Green’s Dictionary of Slang

tuft n.

1. (also tuff) female pubic hair, by ext. the vagina.

[UK]Wandring Whore V 7: […] helping a Gentlewoman on Horseback, slipp’t his hand under her belly and tore a tufft of hair off her Commodity.
[UK] ‘Satyr Undisguis’d’ Harleian Mss. 7319.271: Lecherous Stamford, poor Monmouth draws so That his Grace need never a hunting to go To keep him in Tuft.
[UK]F. Fane ‘Iter Occidentale’ Harleian Mss. 7312.20: Deep in an uncouth Vaile ’twixt swelling hills Curl’d ore with shady Tufts.
[UK]T. Brown Letters from the Dead to the Living in Works (1760) II 186: You did die a martyr for a pair of penetrable whiskers, fell a bleeding sacrifice to a cloven tuft.
The Female Contest 23: Her lovely all-alluring Tuff / Was black, and near as big, / As any Northern Monarch’s Muff.
[UK]Robertson of Struan Poems (1752) [title] ‘On a Lady of Pleasure, that had a Tuft of Ribbons at the Bottom of her Stomacher.’.
[UK]Bridges Homer Travestie (1764) I 122: For Juno, ever mischief hatching, / Had rubb’d her belly bare with scratching, / Whilst Venus, so divinely fair, / Had got a glorious tuft of hair.
[US]C. Himes Pinktoes (1989) 114: Just keep flipping your tuft at him.
[UK]C. James Observer 10 Feb. n.p.: [The Degas drawings] are all brothel scenes and show plenty of tuft [DSUE].

2. an aristocratic, titled undergraduate [the tuft was that adorning the mortarboards of titled students – of gold threads rather than the usual black].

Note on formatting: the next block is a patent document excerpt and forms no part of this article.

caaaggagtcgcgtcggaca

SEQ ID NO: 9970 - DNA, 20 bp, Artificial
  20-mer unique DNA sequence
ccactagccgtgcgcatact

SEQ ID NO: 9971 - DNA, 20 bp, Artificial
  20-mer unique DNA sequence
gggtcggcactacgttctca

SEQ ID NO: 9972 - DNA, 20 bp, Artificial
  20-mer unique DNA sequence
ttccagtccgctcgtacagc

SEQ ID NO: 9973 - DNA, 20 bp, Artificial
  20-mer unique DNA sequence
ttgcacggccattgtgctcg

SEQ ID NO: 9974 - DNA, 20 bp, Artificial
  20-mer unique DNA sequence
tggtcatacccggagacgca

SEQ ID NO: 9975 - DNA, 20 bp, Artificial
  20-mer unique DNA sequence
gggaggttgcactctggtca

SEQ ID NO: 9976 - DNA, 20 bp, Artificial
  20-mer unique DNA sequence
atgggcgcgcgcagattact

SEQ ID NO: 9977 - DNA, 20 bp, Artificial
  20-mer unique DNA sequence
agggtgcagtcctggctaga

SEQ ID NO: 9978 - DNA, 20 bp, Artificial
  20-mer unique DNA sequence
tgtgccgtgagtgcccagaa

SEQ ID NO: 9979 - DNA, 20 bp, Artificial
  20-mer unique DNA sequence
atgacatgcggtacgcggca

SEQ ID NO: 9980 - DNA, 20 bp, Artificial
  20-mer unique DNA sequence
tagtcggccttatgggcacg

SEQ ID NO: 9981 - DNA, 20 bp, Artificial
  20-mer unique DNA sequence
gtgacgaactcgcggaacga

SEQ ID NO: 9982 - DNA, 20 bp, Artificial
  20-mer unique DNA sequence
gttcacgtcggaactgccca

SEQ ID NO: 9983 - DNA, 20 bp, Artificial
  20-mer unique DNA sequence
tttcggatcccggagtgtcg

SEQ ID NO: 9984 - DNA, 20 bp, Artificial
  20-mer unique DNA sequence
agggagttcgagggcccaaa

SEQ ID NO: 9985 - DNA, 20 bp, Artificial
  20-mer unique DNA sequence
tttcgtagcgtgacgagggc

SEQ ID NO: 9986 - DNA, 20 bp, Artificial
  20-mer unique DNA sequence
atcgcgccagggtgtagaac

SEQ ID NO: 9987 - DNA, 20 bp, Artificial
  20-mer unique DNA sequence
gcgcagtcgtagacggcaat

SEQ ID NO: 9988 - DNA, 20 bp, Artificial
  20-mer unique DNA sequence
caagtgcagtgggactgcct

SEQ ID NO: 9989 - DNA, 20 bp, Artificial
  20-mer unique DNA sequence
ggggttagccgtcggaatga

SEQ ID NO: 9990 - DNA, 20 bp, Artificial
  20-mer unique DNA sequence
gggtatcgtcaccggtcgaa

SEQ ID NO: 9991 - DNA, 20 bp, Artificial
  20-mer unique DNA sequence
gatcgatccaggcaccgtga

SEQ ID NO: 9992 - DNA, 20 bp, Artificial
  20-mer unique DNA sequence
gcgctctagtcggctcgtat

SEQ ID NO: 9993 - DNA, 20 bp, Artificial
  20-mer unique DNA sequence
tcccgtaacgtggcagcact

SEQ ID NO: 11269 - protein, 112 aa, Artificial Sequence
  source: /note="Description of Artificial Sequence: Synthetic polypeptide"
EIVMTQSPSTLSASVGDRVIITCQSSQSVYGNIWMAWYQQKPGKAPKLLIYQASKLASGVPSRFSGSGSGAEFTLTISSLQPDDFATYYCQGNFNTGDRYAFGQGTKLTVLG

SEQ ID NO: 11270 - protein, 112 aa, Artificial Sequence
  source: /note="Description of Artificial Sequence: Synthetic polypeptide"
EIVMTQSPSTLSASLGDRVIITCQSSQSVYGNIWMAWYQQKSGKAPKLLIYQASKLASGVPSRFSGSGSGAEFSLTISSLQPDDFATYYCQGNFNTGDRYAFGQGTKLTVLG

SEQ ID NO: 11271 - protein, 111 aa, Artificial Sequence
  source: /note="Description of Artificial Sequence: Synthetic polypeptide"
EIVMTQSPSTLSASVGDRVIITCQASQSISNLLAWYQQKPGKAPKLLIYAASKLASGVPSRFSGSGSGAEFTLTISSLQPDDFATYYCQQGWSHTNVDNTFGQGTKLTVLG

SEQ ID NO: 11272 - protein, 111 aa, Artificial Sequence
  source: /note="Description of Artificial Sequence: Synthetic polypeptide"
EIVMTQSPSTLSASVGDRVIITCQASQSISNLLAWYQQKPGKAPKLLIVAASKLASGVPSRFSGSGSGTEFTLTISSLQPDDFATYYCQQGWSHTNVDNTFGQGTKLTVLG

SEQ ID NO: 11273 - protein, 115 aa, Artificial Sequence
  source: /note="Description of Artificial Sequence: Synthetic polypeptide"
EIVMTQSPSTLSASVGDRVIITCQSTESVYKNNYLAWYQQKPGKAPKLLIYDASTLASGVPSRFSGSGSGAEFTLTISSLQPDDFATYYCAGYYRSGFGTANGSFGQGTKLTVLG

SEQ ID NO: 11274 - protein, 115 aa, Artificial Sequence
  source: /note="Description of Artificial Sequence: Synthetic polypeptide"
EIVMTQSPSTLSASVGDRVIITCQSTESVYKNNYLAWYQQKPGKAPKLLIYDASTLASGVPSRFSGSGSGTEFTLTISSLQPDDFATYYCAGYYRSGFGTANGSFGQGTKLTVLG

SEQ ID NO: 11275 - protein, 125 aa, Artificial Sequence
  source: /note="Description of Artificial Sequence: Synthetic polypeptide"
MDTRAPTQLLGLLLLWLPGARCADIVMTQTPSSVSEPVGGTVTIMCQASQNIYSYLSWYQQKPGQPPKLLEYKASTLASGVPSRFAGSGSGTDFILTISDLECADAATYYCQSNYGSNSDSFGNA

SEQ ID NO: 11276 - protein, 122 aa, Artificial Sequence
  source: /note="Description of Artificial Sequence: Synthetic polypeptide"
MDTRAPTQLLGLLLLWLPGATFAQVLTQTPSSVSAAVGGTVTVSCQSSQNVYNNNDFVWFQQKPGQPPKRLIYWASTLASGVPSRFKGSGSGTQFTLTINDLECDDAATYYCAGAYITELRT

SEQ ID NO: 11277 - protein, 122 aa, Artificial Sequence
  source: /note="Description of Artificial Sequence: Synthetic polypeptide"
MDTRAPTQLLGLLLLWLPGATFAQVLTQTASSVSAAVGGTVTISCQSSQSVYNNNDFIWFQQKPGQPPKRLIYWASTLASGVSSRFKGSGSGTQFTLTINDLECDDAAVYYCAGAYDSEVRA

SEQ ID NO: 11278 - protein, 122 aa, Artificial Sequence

implied in tuft-hunter n. (1)
[UK]Sporting Mag. Dec. XV 125/1: If I thought any were so dull, as not yet rightly to comprehend what a tuft is, 1 should tell them it is a noble, or wealthy student, at the University, so called, from part of his head dress.
[UK]Thackeray Shabby Genteel Story (1853) 34: The lad went to Oxford [...] frequented the best society, followed with a kind of proud obsequiousness all the tufts.
[UK]Thackeray Pendennis II 233: Still the same man we remember at Oxbridge, when he was truckling to the tufts, and bullying the poor undergraduates.
[UK]T. Hughes Tom Brown at Oxford (1880) 84: Gentlemen-commoners [...] seem to me to be worse than the tufts, and to furnish most of their toadies.
[UK]Sl. Dict. 330: Tufts at the University, noblemen, who pay high fees and are distinguished by golden TUFTS, or tassels, in their caps.
[UK]Eve. Teleg. (Dundee) 1 June 2/3: Jubilee Tuft-Hunting. [...] There has been a rush for Jubilee tufts [...] a gentleman believed to possess great influence [...] has been ‘approached’ in behalf of no fewer than 500 gentlemen anxious for knighthoods.